Emily Blunt leads the cast of famous and familiar faces as Kate Macer, an FBI agent who's recruited by CIA handler Matt Graver (Josh Brolin) to assist in their operations just over the Tex-Mex border after increasingly brazen (and horrifying) encroachments Stateside by the cartels.
The Toronto International Film Festival has aged gracefully into its 40th year anniversary. Black directors, actors and writers have enhanced the celebratory occasion with fine performances and artistic contributions in indie films, big budget movies and life-affirming documentaries.
By the time I got home from the Sicario premiere at MoMA this week, the film's star Emily Blunt was trading puke takes with Stephen Colbert on his Late Night Show
Biopics are often the critics favorites as well, frequently proving themselves as Oscar and Golden Globe contenders. Plus, given the variety of biopic categories, there's something on the menu for everyone.
Many women like how they look in heels. They shouldn't be made to feel as if they're abandoning the feminist cause, or kowtowing to the patriarchy if they choose to wear them. It's possible to want to wear high heels and also want equality in the workplace at the same time.
New 20-year-old Aussie tennis sensation Nick Kyrgios has come perilously close to being defaulted for language and/or racquet and ball abuse at the US Open, the Australian Open, where John McEnroe was famously defaulted in 1990, and the Estoril Open in Portugal.
With the second season officially scheduled to premiere on June 21, and an entire new cast which includes Colin Farrell and Rachel McAdam as the next "true detectives," my feminist part in me has already begun to imagine a third season consisting of two female detectives.
I began looking into the ice-bucket challenge because I was thinking of launching a challenge of my own. It turns out that it originated as the Cold Water Challenge. It was to donate to cancer research or jump into cold water. But my challenge is a bit different.
Tina Fey and Amy Poehler bring their special brand of hostess-ness to the 72nd Golden Globes this Sunday. There are more amazing honorees than you can shake a statue at, but Culturalist users have been doing their part to identify the best-of-the-best.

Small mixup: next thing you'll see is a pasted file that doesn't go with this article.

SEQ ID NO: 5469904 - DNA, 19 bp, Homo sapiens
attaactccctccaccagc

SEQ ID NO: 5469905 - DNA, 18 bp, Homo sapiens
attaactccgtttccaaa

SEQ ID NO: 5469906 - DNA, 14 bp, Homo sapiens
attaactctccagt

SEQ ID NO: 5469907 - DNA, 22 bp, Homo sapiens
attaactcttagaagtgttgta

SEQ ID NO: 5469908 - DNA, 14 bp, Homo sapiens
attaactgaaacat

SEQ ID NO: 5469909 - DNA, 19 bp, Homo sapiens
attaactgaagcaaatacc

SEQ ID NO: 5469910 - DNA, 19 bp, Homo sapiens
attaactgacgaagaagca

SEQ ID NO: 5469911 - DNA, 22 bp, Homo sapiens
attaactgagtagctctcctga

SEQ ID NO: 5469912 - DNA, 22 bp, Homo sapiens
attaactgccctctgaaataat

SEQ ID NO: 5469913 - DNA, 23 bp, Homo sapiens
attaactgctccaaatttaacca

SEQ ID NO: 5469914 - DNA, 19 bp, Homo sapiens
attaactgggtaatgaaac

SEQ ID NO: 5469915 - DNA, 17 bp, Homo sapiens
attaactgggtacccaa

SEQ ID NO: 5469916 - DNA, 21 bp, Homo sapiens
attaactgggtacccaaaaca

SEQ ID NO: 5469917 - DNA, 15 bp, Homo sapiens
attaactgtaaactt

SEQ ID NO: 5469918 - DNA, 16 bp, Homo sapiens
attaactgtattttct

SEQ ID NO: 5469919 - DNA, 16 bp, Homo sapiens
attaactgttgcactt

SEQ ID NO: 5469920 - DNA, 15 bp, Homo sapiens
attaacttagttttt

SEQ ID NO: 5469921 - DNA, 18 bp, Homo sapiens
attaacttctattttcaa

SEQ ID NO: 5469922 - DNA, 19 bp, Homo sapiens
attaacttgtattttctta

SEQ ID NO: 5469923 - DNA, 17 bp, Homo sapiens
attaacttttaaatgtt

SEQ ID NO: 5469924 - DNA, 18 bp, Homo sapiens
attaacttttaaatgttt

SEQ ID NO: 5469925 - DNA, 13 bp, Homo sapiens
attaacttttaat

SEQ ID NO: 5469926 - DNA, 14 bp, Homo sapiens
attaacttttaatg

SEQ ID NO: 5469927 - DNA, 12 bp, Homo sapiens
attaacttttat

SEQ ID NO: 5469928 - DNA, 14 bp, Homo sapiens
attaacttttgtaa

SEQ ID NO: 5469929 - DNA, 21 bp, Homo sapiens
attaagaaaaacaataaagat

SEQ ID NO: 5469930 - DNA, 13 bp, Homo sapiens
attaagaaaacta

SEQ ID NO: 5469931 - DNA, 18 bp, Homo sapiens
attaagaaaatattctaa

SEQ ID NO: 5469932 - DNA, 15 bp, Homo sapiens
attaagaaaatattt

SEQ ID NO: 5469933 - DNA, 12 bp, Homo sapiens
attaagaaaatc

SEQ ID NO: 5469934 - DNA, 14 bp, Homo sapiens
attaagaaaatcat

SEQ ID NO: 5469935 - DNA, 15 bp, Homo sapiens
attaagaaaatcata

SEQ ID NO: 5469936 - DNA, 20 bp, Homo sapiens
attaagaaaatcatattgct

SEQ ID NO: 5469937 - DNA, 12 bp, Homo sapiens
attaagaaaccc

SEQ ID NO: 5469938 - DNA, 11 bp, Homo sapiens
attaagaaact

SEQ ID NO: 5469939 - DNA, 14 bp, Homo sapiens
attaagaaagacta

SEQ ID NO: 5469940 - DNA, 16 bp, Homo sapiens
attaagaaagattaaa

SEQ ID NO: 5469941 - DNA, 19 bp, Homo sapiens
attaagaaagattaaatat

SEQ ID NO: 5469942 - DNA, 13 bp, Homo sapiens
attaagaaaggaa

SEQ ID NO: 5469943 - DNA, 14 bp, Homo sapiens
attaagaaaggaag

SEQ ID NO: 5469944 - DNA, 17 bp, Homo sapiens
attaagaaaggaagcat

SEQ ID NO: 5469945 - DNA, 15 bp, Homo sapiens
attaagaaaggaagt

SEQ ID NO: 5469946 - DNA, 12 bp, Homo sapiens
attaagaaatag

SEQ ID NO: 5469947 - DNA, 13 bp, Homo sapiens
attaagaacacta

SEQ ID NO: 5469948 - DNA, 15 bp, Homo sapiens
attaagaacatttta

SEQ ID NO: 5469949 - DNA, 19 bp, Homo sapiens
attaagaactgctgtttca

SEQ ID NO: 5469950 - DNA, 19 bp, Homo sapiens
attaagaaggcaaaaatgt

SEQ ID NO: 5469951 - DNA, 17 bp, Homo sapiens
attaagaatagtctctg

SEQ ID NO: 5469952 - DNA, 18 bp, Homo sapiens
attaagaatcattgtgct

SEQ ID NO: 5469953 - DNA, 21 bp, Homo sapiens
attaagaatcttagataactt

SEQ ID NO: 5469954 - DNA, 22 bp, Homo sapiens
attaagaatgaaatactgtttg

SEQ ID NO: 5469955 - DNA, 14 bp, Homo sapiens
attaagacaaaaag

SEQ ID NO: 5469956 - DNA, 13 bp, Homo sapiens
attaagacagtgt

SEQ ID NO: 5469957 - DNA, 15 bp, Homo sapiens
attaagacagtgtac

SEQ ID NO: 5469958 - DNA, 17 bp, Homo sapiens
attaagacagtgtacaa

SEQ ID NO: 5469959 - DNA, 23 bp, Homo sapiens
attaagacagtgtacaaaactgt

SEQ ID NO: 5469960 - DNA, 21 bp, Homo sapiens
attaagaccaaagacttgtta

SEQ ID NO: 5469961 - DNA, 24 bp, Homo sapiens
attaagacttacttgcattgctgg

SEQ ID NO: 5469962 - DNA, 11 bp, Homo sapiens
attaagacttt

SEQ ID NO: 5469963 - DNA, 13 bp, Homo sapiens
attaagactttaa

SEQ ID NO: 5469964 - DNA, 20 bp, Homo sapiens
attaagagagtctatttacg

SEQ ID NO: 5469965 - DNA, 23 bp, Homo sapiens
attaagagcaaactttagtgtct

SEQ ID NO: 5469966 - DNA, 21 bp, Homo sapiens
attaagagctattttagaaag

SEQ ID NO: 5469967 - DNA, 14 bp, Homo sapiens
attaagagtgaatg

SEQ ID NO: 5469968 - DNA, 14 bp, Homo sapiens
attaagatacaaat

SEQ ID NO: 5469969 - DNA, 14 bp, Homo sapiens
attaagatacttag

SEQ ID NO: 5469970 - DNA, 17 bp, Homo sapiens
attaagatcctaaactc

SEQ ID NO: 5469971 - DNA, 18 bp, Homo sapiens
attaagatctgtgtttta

There is a lot to like in Into the Woods but there is also a lot more that should have been better. If the playfulness and emotions inherent in Sondheim's songs had been delivered, the movie would not have been just good -- it would have been great.
As much as I love Meryl, I'm never going to buy her records, and I haven't been this uncomfortable watching her in a film since, what do you know, Mama Mia! If we're living in any sort of movie musical cinema revival, it's time to start asking ourselves what we sacrificed to get there.
If I were going to make a 10-best list, it would probably include films like Boyhood, The Imitation Game and Selma, among others that will be on everyone's list. But, as good as those films are, none of them are on my list of favorites.
I've been in love with Into the Woods for years. I've seen it performed several times, watched the DVD of the original Broadway production many times, and lost count of how often I've listened to the original cast album.
Stephen Sondheim's Into the Woods arrives on the big screen 27 years after it opened on Broadway -- and with the same second-act problems that have plagued it through the years.
As I write this, an elegant little crow has landed on the table of my luxury hotel room's balcony overlooking Burj Al Arab. Yes, it's like that here, a mix of celebrity, cinema, sweeping man-made landscapes and the best that nature has to offer.
Missing from Monday's lunch at The Leopard, Meryl Streep, wicked as an ugly witch in Rob Marshall's movie adaptation of Stephen Sondheim's musical Int...